Sustainable Development: The World is Flat, By Nabarup Ganguly, Department of Geography

Thomas Friedman, New York Times columnist and three times Pulitzer Prize winner wrote an international bestseller in 2005 titled “The WorldUntitled is Flat: A Brief History of the Globalised World in the 21st Century.”

When the author met Nandan Nilekani, the former CEO of Infosys, he was told “Tom, the playing field is being leveled.” It is from this statement that the title of the book was derived.

The main message from the book is that; the world is much more inter-connected than ever before. The world is getting flatter. This fact is important for Sustainable Development. Imagine different classrooms in your institute. Now, one by one remove the walls that separate them OR link them through microphones & cameras. The interconnectedness will increase; thus your institute has become „flatter‟ then before.

A flat world leads to spread and integration of people, economy, knowledge and culture across the world. A flat world helps all countries become better and reduce inequality in all forms. The idea is to link our lives across the world in such a way that we are inter-dependent on each other. It is this noble thought that led to creation of the Millennium Development Goals (MaaaDGs). A flat world will increase interdependence and boost mutual support; Sustainable Development will benefit from a flat and interconnected world The message is to Live and Let Live.

This is the same message, which was given to the world by Mahavira “All life is bound together by mutual support & interdependence.” This was in 6th century BCE; over 2500 years ago.

Cooperation is vital for a common sustainable future. After all, we are all in the same boat… huh, rather on the same planet!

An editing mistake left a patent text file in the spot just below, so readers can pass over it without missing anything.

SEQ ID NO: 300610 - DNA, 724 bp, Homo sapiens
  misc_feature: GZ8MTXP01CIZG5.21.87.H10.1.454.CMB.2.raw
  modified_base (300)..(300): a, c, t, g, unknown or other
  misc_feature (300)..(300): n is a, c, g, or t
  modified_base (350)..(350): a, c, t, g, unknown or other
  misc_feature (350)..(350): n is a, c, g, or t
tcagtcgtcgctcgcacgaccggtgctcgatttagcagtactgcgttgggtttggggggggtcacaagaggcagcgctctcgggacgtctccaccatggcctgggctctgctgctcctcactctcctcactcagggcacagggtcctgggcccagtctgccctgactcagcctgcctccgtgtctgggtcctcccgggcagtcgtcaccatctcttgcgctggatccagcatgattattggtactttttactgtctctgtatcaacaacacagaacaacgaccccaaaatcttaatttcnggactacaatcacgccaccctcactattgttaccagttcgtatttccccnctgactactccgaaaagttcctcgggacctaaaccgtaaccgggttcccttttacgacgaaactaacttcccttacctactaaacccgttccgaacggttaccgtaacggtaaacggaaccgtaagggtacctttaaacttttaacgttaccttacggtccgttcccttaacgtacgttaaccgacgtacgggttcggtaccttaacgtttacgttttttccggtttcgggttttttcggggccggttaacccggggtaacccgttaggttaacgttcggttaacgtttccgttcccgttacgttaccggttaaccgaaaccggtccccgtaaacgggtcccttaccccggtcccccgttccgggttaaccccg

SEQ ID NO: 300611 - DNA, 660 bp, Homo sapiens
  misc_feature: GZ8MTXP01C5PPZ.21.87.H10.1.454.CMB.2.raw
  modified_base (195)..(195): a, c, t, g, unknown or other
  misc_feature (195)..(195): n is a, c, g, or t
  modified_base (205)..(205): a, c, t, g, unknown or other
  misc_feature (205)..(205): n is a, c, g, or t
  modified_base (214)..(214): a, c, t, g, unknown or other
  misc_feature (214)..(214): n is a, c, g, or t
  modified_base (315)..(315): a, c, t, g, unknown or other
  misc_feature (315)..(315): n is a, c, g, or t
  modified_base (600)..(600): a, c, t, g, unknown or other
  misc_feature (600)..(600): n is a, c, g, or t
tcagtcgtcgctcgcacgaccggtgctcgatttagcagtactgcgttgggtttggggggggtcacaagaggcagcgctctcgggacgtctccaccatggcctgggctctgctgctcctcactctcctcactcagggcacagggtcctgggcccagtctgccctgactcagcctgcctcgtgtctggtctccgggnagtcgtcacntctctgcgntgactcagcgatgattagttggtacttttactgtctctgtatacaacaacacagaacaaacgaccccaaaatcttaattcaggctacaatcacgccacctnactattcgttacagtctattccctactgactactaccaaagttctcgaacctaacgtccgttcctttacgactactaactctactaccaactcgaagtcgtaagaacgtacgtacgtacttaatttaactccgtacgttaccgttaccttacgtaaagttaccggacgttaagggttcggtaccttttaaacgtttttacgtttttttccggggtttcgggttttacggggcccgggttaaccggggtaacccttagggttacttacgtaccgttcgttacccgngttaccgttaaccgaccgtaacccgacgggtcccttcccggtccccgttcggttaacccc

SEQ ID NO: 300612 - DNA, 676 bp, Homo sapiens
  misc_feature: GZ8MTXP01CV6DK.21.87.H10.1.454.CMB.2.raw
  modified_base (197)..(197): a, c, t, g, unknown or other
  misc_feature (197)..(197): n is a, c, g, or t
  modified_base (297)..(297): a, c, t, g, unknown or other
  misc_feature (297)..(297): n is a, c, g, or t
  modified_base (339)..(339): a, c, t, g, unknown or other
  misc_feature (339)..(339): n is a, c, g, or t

Environmental issues are beyond the concept of geographical boundaries and so is their impact. Imagine, you are a Tiger. Your home is the Sahyadris aka Western Ghats – the 1,600-km-long mountain chain that begins near the border of Gujarat and Maharashtra and runs through the states of Goa, Karnataka, Tamil Nadu and Kerala. As a Tiger you do not know where Goa ends and Karnataka begins (nor do you use GPS!) It is the same for other animals and for natural resources like rivers.

For you as a tiger, entire Sahyadris need to be in good health. Ditto is the case for sustainable development – the whole world needs to be in good health for All of Us to live well.

Sustenance of ecosystems requires cooperation across state, national & international boundaries. Rio+20 allowed us to understand the global interconnected of our lives and environment & economy. We realized that countries and people must opt for Sustainable Development. Take care.


Ahh wait,

Just for the record;

World is Not flat.

See here!

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About Nabarup Ganguly

Associate Disciple-Educator, M.Sc. in (Geography & Disaster Management), M.A. in Education, B.Ed, First Class First, Rank holder, Gold Medallist, Author & Life Member; Guide and Counsellor, Inventor (Tripura State Council For Science & Technology), Geographer, Department of Geography, RIO+20, Brazil, South America

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